Overdose deaths from synthetic opioids soared during the time Donald Trump was president, raising questions about efforts to blame the Biden administration’s border policies for drug overdose deaths. Data show the Trump administration’s decision to close U.S. ports of entry to nonessential traffic during the Covid-19 pandemic in March 2020 had the consequence of accelerating drug traffickers’ shift to fentanyl, a more potent drug than heroin, which helped lead to an increase in drug overdose deaths.
Between 2016 and 2020, annual drug overdose deaths from synthetic opioids (excluding methadone) increased by 192% (from 19,500 to 56,894), according to the Centers for Disease Control and Prevention (CDC). The CDC data also show:
– The average annual growth rate of drug overdose deaths from synthetic opioids was 31% while Donald Trump was president.
– Between 2019 and 2020, the last year of Trump’s presidency, the increase in drug overdose deaths from synthetic opioids was 55%.
– Between 2020 and 2021, the first year of Joe Biden’s presidency, the increase in drug overdose deaths from synthetic opioids was 25%.
Because fentanyl is so potent in small quantities, it is dangerous for users but profitable for drug traffickers. The Trump administration’s decision to shut down all but nonessential traffic at U.S.-Mexico ports of entry on March 20, 2020, appears to have spurred traffickers to shift from heroin to fentanyl.
“Despite fentanyl’s built‐in economic advantage, it took the massive restriction in imports and travel during the pandemic—particularly the U.S. policy of limiting travel with Mexico—to force U.S.-Mexico border traffickers to shift from heroin to fentanyl,” testified David Bier of the Cato Institute during a House Homeland Security Committee hearing (February 28, 2023). “Within two months of the pandemic, fentanyl seizures overtook heroin by weight, and by the time the restrictions were lifted, fentanyl was accounting for over 90 percent of the seizures.” (The weight of fentanyl seized by U.S. Customs and Border Protection increased ten-fold between December 2019 and December 2020.)
CDC data show unusually large increases in the 12-month moving average of drug overdose deaths from synthetic opioids in April, May, June, July and August 2020, which continued through the remainder of the calendar year, based on a National Foundation for American Policy analysis. Precise month-by-month figures are unavailable from the CDC, but even the 12-month moving averages, which likely mask much larger increases in individual months, show a significant rise after the March 2020 closing of U.S.-Mexico ports of entry to nonessential traffic.
Some Republicans on the House Homeland Security Committee criticized Bier for his testimony as it ran counter to the hearing’s title, “Every State Is a Border State: Examining Secretary Mayorkas’ Border Crisis.” Bier explained that asylum seekers are the least likely people to carry fentanyl across the U.S.-Mexico border since they immediately turn themselves in to Border Patrol Agents or ask for asylum, when permitted, at ports of entry. A more orderly process for people seeking protection would free up law enforcement resources. (Bier was not given a chance to respond to several assertions by Republican members and published additional responses after the hearing.)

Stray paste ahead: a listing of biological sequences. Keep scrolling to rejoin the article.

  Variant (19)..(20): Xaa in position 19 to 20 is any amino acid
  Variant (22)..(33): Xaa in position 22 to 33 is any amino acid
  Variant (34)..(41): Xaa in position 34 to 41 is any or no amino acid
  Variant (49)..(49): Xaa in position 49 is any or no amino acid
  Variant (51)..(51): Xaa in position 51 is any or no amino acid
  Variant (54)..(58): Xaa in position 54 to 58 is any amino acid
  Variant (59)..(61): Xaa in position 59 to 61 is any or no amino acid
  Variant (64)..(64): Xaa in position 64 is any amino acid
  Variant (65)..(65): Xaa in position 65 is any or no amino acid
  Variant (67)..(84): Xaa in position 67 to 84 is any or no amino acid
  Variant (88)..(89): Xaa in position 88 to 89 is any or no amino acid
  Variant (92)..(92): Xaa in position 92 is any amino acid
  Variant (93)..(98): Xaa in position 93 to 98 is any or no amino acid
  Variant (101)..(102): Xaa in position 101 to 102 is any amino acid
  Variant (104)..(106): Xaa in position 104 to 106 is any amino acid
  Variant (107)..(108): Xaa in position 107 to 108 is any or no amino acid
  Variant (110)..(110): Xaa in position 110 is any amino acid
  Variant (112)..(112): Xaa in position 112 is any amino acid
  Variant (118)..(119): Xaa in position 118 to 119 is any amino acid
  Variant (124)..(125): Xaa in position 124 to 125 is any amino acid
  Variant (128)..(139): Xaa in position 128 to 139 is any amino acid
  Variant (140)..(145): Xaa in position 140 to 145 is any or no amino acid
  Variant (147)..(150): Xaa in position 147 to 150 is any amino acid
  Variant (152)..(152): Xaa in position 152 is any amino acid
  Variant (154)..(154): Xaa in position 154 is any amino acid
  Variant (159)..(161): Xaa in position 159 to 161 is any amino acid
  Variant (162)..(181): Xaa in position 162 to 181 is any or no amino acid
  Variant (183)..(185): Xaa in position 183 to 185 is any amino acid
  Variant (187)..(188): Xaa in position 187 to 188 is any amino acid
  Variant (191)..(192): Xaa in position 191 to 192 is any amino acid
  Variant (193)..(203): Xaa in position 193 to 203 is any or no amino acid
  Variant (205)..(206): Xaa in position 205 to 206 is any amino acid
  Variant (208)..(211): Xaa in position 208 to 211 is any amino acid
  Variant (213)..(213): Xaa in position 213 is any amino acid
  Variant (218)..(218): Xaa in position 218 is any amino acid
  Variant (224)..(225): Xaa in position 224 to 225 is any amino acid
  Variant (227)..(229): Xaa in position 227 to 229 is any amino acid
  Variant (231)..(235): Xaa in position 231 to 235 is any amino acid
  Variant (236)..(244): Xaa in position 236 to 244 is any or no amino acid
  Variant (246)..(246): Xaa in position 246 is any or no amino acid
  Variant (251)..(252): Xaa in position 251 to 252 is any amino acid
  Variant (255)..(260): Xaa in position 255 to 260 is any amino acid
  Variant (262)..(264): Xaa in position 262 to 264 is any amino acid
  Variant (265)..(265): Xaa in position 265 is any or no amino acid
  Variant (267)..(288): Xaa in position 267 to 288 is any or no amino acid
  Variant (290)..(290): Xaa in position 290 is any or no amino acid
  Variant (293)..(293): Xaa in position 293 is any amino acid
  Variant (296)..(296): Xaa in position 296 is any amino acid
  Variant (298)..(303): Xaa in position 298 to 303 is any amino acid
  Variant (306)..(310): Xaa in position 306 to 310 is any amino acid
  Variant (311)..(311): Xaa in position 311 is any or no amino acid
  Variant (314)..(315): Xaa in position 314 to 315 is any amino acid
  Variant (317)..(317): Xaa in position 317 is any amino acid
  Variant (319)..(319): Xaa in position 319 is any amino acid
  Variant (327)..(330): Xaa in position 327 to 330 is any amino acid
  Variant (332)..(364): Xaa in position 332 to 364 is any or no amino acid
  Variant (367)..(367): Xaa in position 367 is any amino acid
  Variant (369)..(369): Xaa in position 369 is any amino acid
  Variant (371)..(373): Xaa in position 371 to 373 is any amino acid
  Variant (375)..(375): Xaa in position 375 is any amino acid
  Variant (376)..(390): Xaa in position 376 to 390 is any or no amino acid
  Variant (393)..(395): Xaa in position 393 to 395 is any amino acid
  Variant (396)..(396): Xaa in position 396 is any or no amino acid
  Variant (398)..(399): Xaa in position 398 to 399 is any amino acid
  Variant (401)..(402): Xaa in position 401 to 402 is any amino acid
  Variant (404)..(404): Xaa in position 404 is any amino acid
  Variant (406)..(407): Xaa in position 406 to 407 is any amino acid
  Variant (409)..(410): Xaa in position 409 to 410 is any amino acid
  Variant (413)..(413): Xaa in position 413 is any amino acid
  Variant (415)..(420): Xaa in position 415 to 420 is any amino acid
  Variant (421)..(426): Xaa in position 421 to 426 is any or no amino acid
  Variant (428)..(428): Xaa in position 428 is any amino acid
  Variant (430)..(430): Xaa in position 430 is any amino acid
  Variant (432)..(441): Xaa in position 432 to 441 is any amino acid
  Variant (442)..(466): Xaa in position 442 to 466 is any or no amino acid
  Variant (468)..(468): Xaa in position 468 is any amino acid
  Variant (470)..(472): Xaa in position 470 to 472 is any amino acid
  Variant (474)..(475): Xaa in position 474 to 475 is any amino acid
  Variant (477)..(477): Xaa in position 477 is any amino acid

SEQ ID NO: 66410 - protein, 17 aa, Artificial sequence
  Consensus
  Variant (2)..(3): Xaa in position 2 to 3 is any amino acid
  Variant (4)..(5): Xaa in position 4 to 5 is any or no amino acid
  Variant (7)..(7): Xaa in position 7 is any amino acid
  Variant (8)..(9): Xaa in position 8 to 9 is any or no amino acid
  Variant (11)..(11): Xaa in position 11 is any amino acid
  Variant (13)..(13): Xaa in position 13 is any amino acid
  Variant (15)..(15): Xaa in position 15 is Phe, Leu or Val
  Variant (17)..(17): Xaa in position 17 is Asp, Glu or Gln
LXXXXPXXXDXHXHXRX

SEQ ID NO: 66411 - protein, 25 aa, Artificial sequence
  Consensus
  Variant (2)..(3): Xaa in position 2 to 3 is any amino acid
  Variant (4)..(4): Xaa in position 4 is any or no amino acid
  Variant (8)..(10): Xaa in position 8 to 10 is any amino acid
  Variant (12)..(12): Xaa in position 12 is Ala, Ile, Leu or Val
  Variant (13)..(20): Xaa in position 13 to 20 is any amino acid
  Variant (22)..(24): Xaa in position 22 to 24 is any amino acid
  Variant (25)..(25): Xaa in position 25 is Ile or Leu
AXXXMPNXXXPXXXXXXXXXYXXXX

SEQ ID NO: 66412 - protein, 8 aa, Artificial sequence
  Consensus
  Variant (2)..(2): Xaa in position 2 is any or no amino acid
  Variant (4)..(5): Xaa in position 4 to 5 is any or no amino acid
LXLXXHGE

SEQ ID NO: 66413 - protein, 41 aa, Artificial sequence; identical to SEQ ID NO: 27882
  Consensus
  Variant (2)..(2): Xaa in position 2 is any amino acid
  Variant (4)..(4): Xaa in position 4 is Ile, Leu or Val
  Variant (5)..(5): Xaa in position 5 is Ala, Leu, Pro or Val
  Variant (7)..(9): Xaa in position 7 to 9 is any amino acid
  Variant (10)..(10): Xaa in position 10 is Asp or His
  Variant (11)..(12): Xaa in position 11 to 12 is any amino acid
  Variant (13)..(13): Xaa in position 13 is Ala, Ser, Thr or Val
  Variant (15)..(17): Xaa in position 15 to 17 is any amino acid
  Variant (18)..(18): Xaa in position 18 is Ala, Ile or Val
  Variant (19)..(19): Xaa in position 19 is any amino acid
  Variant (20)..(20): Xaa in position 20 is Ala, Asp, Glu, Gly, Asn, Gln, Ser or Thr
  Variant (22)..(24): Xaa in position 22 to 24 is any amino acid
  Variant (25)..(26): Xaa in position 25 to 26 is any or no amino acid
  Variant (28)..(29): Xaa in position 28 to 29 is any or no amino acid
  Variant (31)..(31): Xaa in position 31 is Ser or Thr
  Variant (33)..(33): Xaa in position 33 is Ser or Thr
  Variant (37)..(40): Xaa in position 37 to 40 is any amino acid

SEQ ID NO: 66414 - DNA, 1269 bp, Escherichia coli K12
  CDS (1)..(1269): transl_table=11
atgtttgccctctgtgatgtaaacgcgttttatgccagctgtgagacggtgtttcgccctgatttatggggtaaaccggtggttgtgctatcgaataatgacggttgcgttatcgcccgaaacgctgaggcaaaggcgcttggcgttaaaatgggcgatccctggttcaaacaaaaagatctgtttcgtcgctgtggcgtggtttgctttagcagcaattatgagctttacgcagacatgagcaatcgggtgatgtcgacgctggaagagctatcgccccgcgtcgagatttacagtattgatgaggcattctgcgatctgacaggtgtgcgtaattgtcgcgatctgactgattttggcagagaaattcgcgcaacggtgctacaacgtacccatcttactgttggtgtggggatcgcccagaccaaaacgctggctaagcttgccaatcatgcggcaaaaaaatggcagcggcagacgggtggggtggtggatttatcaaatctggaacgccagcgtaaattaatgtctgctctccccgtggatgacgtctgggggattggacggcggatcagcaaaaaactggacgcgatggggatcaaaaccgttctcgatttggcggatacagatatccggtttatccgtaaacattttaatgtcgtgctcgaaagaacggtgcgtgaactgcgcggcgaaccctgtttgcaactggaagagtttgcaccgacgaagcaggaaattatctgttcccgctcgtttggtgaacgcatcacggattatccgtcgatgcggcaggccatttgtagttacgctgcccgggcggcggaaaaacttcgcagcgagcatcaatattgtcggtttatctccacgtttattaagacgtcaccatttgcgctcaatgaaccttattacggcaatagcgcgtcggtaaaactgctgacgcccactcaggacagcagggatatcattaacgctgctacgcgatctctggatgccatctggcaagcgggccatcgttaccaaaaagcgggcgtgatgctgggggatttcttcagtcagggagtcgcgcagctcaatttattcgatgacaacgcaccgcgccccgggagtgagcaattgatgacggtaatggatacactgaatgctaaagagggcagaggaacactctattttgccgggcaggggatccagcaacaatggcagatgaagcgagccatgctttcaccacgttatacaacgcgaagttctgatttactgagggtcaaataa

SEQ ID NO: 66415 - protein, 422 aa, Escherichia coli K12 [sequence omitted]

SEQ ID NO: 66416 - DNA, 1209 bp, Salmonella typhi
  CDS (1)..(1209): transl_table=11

Democratic committee members pointed out through questioning that the vast majority (93%) of fentanyl is seized at ports of entry or checkpoints—not between ports of entry by Border Patrol agents. Moreover, Democratic members noted those convicted for smuggling fentanyl are primarily U.S. citizens (86%).
Democrats at the hearing did not point out that synthetic opioid deaths increased significantly while Donald Trump was president. This was surprising since even Republican Homeland Security Committee Chairman Mark E. Green (R-TN) noted in his opening statement that the two sons of the mother who testified at the hearing died of “fentanyl poisoning in 2020.”
While blaming immigrants for the fentanyl crisis may have political appeal, research by professors Ben Feldmeyer (Univ. of Cincinnati), Diana Sun (Florida Atlantic University), Casey T. Harris (Univ. of Arkansas) and Francis T. Cullen (Univ. of Cincinnati) found immigrants are associated with fewer drug overdoses and homicides in an area.
“Our findings directly contradict the pervasive fears and political rhetoric suggesting that immigration has fueled drug problems across U.S. communities,” according to the authors, who analyzed data from 2000 to 2015. “We see no evidence linking immigration to rising overdose death rates, and instead we find that immigration has most often been associated with lower levels of overdoses and homicide mortality. Thus, it appears that, if anything, immigration is more likely to have been part of the solution than the source of the overdose crisis of the early twenty-first century.”
Feldmeyer, Sun, Harris and Cullen found, “County overdose rates were reduced by 4.5% for every one-percentage-point increase in the foreign-born population. . . . Taken together, these supplemental models show sizable protective effects of immigration and suggest that a 10-percentage-point increase in a county’s foreign-born population could contribute to as much as 40% to 50% lower overdose death rates overall and for nearly each of the substances examined here, net of controls.”
The evidence indicates that closing the door to immigration will not reduce deaths from drug overdoses. The data show that stopping most traffic at U.S.-Mexico ports of entry in 2020 while Donald Trump was president had the unintended consequence of encouraging drug traffickers to switch from heroin to fentanyl, which contributed to an increase in synthetic opioid-related deaths in America.
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